Oquirrh Mountains from Draper
Climbers have been making checklists from the beginning. Peakbaggers take these lists to the extreme, usually creating 10 times the list of a normal hiker or mountain climber. Typical lists use elevation to quantify the mountains. Examples like the "100 Highest peaks in Washington" or "Colorado 14ers" are quite common. Peakbaggers enjoy these lists but will need more...much more. What if you were willing to climb any mountain? Is there a list with every mountain listed for an entire state? Well, first you have to define what a mountain is. To do this, a peakbagger must learn all about prominence, from which dozens of lists can be made...including the ultimate list of every mountain.

Peakbagging 101

WillhiteWeb.com: Peakbagging
Seriously...a clinic on peakbagging? Sure, why not!

What is a peakbagger?

Where do peakbaggers come from?

Climbing Lists

Peakbaggers are a special breed of outdoorsman that use each climbing trip to climb a new peak. Occasionally they may repeat a climb with a friend but the goal is to always climb another summit. There are variations of this as some only focus on certain mountains while others are much more obsessive climbing every little peak they can in their allotted time that day. It depends on the climber, but most will use whatever outdoor activity necessary to access and summit a mountain. Sometimes we walk, other times we might ski, snowshoe, mountain bike, 4X4, boat, ATV, horseback or snowmobile. Being a peakbagger may mean you are hiking a gentle sagebrush hill one day while roped up climbing a rocky face the next.
The typical peakbagger was once a respectable mountain climber who decided they wanted more. More what...I'm not sure. Maybe adventure or accessible places or just accomplishment...it's a bit of an enigma even for peakbaggers. If I used the time I spent on peakbagging for a good cause they would rank me up there with Mother Teresa. It's a bit of an addiction, most peakbaggers I've met never stop. For me, peakbagging was a natural transition from being just a hiker. Although I seem to be diminishing the respectability of those who do peakbag, it's because most peakbaggers at some point start "dumpster diving", the act of climbing really insignificant hills or highpoints.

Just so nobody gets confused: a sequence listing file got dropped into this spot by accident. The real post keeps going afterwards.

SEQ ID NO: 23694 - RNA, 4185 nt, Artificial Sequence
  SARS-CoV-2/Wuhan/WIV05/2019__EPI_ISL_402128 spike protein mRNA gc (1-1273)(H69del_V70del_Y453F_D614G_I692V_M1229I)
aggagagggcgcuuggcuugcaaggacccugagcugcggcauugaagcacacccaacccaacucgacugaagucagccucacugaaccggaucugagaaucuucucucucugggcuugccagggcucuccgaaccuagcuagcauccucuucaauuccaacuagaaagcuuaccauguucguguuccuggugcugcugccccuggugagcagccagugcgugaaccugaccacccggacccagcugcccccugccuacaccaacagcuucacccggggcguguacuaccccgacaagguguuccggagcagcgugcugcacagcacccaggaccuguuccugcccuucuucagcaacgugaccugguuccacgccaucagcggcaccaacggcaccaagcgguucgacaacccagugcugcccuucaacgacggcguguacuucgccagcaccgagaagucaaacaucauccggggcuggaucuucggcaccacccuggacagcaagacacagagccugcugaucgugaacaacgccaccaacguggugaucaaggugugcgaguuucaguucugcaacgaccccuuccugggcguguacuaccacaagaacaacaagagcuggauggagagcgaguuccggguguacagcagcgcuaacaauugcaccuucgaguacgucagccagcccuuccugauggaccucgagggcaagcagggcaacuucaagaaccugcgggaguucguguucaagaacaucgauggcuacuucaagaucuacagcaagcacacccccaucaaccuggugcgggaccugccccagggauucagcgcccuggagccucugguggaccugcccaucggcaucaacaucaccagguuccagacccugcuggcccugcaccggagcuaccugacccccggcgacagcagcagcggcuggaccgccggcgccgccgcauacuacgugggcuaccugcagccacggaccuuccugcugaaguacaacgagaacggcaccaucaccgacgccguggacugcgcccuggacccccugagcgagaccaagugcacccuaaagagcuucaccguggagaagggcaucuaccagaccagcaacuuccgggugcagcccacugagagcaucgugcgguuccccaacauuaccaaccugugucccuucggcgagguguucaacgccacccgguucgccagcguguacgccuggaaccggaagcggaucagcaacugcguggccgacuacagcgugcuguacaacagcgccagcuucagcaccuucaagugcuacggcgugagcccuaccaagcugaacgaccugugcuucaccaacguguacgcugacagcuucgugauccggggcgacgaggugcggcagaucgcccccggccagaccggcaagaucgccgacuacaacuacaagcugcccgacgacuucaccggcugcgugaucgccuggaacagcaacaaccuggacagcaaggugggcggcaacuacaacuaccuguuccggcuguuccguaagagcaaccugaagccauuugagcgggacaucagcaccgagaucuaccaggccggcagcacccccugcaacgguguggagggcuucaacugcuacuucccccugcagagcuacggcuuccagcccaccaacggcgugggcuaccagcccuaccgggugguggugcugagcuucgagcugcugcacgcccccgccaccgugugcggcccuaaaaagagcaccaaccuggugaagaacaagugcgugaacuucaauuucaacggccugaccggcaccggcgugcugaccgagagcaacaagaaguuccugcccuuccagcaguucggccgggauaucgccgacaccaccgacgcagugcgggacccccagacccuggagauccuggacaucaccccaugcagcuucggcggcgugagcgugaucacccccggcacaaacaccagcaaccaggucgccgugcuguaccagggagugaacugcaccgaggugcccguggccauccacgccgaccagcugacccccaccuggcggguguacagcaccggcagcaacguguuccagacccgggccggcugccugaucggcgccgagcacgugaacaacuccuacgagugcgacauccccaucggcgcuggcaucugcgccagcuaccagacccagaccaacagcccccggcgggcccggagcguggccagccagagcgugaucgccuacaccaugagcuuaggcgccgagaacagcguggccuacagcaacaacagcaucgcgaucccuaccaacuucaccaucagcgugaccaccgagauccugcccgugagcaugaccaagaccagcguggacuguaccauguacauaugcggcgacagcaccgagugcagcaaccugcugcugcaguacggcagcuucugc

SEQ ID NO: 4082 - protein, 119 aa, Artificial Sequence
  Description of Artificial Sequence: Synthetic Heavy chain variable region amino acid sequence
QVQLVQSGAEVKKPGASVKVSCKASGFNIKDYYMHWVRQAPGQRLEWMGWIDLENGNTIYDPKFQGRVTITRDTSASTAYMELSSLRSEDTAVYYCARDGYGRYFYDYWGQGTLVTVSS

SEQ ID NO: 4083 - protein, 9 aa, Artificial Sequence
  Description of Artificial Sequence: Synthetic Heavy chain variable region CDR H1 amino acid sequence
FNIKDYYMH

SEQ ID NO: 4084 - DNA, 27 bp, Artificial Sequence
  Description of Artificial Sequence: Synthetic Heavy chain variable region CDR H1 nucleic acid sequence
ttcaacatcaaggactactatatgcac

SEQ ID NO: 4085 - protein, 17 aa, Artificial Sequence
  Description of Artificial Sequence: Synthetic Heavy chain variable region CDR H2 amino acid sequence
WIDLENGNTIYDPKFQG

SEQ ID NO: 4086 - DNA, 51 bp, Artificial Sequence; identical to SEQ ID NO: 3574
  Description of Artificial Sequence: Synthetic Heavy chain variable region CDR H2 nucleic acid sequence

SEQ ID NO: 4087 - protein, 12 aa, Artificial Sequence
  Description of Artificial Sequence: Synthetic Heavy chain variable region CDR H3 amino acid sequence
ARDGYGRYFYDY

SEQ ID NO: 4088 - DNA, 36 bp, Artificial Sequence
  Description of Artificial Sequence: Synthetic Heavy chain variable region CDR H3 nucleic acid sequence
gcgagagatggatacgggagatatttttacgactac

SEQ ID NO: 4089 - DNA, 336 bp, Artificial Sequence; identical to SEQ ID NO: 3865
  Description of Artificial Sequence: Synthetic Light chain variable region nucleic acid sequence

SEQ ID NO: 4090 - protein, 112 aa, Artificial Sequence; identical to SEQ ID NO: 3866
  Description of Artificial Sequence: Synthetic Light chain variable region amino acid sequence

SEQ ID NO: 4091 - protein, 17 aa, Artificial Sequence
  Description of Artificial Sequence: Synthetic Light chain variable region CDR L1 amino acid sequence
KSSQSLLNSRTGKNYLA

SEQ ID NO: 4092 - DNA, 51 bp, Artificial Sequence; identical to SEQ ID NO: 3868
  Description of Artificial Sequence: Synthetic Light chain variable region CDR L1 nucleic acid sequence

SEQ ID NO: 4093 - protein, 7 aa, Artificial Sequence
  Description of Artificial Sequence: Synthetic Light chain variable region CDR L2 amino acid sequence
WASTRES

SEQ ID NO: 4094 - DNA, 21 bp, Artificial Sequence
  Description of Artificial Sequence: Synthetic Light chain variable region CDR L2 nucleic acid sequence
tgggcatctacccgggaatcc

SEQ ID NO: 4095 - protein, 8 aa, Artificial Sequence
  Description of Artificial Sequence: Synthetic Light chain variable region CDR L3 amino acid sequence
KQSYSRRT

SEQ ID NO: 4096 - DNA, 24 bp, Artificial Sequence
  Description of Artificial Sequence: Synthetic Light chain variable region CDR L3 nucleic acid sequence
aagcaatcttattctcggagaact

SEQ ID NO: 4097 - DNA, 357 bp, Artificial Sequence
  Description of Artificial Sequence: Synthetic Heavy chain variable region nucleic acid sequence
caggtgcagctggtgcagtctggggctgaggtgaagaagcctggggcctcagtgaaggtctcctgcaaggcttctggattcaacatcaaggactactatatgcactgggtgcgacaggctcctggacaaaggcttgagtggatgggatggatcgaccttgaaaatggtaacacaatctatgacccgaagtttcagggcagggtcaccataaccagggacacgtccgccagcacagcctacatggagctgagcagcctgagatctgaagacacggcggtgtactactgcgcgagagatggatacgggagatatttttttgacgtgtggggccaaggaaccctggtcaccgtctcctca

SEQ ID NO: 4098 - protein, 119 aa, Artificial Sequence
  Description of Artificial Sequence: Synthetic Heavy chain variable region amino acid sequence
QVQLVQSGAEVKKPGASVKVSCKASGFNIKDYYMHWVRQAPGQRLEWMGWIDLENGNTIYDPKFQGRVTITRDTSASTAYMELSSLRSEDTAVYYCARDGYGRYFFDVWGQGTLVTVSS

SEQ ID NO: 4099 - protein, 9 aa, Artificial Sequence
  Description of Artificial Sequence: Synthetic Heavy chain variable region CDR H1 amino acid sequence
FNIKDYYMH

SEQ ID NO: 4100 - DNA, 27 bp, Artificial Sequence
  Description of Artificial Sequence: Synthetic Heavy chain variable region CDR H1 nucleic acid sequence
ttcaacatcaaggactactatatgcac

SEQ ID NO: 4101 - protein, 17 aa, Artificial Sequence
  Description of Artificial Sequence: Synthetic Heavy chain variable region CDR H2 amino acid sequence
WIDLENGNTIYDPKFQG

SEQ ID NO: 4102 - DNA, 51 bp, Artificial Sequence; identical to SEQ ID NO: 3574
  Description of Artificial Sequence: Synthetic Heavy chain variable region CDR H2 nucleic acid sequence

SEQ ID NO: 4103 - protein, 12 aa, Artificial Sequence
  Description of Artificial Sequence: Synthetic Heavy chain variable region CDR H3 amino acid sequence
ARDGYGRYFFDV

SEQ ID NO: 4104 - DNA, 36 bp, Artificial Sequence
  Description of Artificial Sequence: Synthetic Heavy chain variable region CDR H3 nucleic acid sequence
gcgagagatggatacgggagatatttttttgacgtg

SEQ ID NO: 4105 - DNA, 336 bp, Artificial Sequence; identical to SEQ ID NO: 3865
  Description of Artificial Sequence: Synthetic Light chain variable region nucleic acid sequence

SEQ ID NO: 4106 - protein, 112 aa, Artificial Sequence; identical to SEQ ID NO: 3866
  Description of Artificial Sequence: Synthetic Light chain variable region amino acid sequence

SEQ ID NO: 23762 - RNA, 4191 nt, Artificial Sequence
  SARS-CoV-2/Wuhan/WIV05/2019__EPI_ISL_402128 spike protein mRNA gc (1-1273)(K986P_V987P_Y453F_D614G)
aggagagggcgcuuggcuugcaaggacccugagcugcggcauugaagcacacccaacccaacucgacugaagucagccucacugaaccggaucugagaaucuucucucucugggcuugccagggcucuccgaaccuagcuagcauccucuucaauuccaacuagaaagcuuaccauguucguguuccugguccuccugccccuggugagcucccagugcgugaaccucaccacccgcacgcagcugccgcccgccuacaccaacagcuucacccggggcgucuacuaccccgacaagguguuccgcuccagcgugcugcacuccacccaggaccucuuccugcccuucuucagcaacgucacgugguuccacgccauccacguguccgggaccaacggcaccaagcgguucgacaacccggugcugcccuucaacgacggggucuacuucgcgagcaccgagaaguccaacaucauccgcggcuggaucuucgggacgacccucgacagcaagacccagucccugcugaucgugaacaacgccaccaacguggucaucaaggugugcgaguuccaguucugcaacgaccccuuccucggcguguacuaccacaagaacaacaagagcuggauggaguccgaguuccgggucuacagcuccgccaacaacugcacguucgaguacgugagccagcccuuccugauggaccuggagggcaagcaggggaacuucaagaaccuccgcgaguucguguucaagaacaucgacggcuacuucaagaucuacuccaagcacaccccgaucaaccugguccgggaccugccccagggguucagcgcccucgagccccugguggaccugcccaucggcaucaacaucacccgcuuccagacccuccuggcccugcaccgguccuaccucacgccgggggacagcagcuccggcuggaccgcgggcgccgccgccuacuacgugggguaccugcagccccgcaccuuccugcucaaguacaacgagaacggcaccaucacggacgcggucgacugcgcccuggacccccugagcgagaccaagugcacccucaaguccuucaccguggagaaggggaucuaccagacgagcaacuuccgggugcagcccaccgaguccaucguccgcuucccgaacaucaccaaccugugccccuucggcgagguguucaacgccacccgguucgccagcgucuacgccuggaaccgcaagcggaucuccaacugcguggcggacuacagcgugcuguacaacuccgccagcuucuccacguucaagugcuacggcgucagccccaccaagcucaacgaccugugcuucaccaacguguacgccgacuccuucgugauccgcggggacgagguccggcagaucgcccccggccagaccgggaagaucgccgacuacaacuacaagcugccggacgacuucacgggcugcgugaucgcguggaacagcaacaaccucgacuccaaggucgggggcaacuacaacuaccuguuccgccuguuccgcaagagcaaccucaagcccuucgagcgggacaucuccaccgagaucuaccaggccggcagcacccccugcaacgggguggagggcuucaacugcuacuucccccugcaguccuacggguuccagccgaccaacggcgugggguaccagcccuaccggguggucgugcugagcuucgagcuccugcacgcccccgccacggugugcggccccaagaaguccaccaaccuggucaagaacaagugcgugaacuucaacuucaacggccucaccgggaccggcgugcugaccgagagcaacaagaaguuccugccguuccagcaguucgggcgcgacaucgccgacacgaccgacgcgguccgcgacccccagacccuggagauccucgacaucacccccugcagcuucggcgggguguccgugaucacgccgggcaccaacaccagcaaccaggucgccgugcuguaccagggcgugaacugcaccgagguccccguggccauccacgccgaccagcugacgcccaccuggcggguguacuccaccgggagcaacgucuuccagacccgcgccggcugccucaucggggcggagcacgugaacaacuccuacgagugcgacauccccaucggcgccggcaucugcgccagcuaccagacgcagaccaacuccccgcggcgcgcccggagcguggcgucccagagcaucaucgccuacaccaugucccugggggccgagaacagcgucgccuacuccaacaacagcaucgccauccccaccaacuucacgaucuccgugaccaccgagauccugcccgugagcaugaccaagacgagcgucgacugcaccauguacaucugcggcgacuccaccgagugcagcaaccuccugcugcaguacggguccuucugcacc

Most peakbaggers religiously follow this concept being used to make decisions on what qualifies as a mountain. A basic definition of prominence is “the elevation rise of the peak, from the highest connecting saddle of another higher peak”. Basically, it’s how high a peak raises above other peaks, not its elevation above sea level. Think of it this way, the highest mountain in Utah is 13,528 foot Kings Peak in the Uinta Mountains. There are two official summits on top. One has a prominence of 6,358 feet while the other is only 372 feet. The higher Kings Peak rises 6,358 feet above the highest pass between it and the next higher peak...which happens to be in Wyoming. The highest saddle between them is somewhere just north of Evanston Wyoming at elevation 7,170 feet.

The lesser Kings Peak summit rises 372 feet above the saddle between it and the highest summit of Kings Peak (the next higher peak). There is some debate on what to set the “official peak” status at, some say 300 others say 400. In most states now, every rise has been calculated down to 300 feet, giving total number of peaks for each state.

On right: A few of the lists for Washington State I kept on the wall when I had a climbing room....before the kids cam
Purposes of a List
Purpose One: You’ll always be going somewhere new
Finding a location to hike or climb is always a reason people fail to step out the front door. A list will always direct you to several possible locations, you’ll just need to pick the best given time of year and the amount of time you have that day. With new locations for every trip, you’ll always be challenging yourself, improving on your route and map reading skills, and gaining a better appreciation for the regions diversity. You may also live in an area with only a few really good mountains so it would be good to expand your horizons to some smaller stuff as well.

Purpose Two: You’ll have options for climbing year round.
Most hikers don’t utilize snowshoes as a way of hiking year-round. That little hill in the summer you wouldn’t even consider hiking is a worthy and usually very rewarding goal in winter. Most snowshoe trips are from plowed highways, each will have its own unique quality about it, and you'll get to remember the climb every time you drive by.